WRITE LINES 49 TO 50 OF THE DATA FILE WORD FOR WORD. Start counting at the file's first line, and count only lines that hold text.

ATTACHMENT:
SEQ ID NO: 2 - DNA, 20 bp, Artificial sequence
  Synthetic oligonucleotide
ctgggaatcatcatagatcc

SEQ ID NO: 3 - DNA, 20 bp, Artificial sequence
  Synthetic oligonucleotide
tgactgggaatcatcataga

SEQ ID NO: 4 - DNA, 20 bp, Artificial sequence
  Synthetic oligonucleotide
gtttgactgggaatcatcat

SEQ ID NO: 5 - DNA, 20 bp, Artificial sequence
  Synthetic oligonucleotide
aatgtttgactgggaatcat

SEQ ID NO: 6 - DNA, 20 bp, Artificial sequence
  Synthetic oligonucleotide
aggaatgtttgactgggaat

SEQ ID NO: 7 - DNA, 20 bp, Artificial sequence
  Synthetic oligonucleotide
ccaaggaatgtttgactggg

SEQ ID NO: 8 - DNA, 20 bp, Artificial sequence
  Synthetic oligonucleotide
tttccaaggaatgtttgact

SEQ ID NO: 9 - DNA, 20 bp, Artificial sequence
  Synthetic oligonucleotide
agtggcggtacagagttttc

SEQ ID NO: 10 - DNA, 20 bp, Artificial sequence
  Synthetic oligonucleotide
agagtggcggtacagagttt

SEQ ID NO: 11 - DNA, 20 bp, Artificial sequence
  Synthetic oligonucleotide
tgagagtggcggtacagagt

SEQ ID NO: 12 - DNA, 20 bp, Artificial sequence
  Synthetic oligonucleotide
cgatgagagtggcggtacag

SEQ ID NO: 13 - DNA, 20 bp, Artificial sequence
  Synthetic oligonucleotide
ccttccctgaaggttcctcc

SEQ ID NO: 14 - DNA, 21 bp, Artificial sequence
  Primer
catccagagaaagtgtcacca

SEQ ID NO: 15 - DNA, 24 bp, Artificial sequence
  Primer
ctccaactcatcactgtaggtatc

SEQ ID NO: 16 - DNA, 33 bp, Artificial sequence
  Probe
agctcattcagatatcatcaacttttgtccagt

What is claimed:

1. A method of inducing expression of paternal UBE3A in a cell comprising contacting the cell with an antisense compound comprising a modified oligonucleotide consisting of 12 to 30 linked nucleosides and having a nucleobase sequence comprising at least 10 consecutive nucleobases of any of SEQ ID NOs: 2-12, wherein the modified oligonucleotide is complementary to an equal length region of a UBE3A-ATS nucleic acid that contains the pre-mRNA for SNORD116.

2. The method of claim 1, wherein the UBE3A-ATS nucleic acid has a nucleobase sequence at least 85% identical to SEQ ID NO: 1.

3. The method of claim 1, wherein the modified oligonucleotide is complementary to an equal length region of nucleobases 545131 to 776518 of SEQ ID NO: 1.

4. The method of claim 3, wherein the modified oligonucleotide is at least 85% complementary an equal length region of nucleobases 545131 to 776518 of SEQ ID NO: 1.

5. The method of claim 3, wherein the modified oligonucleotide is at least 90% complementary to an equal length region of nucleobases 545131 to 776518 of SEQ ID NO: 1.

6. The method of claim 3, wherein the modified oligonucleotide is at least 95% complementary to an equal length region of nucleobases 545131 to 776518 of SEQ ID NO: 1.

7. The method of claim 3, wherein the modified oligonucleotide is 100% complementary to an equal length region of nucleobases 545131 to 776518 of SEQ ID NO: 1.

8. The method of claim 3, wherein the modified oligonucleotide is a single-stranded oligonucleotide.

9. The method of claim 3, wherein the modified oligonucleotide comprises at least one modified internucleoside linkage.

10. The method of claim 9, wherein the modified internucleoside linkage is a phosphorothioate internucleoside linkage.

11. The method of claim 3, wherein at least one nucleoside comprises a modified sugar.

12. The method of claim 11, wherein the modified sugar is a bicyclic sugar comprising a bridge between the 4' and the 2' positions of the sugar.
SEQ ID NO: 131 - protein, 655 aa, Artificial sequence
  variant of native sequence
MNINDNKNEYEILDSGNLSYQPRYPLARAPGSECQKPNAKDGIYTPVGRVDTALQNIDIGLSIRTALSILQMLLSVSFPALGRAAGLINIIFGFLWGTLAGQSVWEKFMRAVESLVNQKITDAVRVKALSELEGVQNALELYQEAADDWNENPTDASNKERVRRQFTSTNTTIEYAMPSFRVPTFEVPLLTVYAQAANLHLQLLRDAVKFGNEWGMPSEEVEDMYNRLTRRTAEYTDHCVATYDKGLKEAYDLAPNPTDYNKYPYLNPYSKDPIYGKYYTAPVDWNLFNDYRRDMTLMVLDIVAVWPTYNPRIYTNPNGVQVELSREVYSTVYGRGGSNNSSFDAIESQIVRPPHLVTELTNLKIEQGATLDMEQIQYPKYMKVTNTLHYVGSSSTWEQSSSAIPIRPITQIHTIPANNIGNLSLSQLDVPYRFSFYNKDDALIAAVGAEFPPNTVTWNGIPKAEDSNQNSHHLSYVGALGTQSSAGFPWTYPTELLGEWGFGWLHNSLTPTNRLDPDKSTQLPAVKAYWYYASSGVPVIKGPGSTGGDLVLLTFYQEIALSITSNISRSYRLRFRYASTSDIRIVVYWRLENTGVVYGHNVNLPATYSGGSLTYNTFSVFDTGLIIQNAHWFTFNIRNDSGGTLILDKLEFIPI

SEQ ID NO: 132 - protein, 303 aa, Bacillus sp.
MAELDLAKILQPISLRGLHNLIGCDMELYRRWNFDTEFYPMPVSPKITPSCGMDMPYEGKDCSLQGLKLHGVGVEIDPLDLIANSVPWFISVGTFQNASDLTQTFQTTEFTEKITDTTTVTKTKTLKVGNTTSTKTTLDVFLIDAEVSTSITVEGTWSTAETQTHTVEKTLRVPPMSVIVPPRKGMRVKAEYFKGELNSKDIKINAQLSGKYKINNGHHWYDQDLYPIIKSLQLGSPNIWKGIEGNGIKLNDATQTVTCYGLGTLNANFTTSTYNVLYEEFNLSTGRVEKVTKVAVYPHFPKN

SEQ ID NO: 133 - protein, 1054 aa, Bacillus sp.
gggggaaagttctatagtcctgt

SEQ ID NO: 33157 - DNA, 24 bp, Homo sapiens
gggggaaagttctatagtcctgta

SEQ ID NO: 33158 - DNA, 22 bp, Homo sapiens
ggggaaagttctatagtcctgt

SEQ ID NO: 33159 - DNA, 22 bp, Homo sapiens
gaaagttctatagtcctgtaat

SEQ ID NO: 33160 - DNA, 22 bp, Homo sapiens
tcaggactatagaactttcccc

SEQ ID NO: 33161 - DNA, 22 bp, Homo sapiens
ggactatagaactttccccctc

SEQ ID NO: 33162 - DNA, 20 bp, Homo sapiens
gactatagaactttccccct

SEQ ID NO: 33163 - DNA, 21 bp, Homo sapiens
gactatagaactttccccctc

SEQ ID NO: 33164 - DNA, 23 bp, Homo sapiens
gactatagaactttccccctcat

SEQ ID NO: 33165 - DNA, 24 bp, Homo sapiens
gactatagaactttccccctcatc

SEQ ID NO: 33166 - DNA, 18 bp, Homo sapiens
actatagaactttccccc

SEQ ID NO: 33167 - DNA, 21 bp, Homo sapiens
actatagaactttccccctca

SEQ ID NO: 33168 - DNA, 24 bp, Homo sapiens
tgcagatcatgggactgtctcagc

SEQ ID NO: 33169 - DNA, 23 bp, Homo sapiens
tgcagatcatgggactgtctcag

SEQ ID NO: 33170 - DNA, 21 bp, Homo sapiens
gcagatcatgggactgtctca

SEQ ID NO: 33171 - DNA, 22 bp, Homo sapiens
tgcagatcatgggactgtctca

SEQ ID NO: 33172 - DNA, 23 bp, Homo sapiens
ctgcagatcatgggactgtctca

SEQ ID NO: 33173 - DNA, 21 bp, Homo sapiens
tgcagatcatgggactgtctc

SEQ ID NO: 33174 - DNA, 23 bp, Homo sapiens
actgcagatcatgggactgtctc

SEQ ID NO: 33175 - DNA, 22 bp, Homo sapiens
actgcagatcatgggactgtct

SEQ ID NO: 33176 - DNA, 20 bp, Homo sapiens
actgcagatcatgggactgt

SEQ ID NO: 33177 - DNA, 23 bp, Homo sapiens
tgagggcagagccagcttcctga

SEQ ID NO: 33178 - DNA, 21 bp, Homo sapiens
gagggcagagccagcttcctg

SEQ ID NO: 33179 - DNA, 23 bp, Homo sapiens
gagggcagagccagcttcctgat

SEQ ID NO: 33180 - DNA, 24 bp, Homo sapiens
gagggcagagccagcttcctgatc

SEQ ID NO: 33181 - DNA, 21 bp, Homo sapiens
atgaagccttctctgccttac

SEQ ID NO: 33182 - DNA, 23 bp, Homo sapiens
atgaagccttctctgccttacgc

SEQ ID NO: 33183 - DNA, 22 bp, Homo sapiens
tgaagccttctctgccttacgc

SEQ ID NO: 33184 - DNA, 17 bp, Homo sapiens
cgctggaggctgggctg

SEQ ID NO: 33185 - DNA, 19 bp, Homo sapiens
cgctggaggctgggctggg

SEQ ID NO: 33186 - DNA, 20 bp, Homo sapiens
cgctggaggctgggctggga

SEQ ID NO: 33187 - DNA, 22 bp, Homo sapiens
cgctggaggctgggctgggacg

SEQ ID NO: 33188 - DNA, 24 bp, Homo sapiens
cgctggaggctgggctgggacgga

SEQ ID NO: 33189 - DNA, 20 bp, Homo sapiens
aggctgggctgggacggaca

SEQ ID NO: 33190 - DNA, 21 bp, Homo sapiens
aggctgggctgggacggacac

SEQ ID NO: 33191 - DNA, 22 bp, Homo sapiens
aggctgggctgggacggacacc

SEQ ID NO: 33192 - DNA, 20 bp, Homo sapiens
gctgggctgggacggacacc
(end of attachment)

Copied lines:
3. The method of claim 1, wherein the modified oligonucleotide is complementary to an equal length region of nucleobases 545131 to 776518 of SEQ ID NO: 1.

4. The method of claim 3, wherein the modified oligonucleotide is at least 85% complementary an equal length region of nucleobases 545131 to 776518 of SEQ ID NO: 1.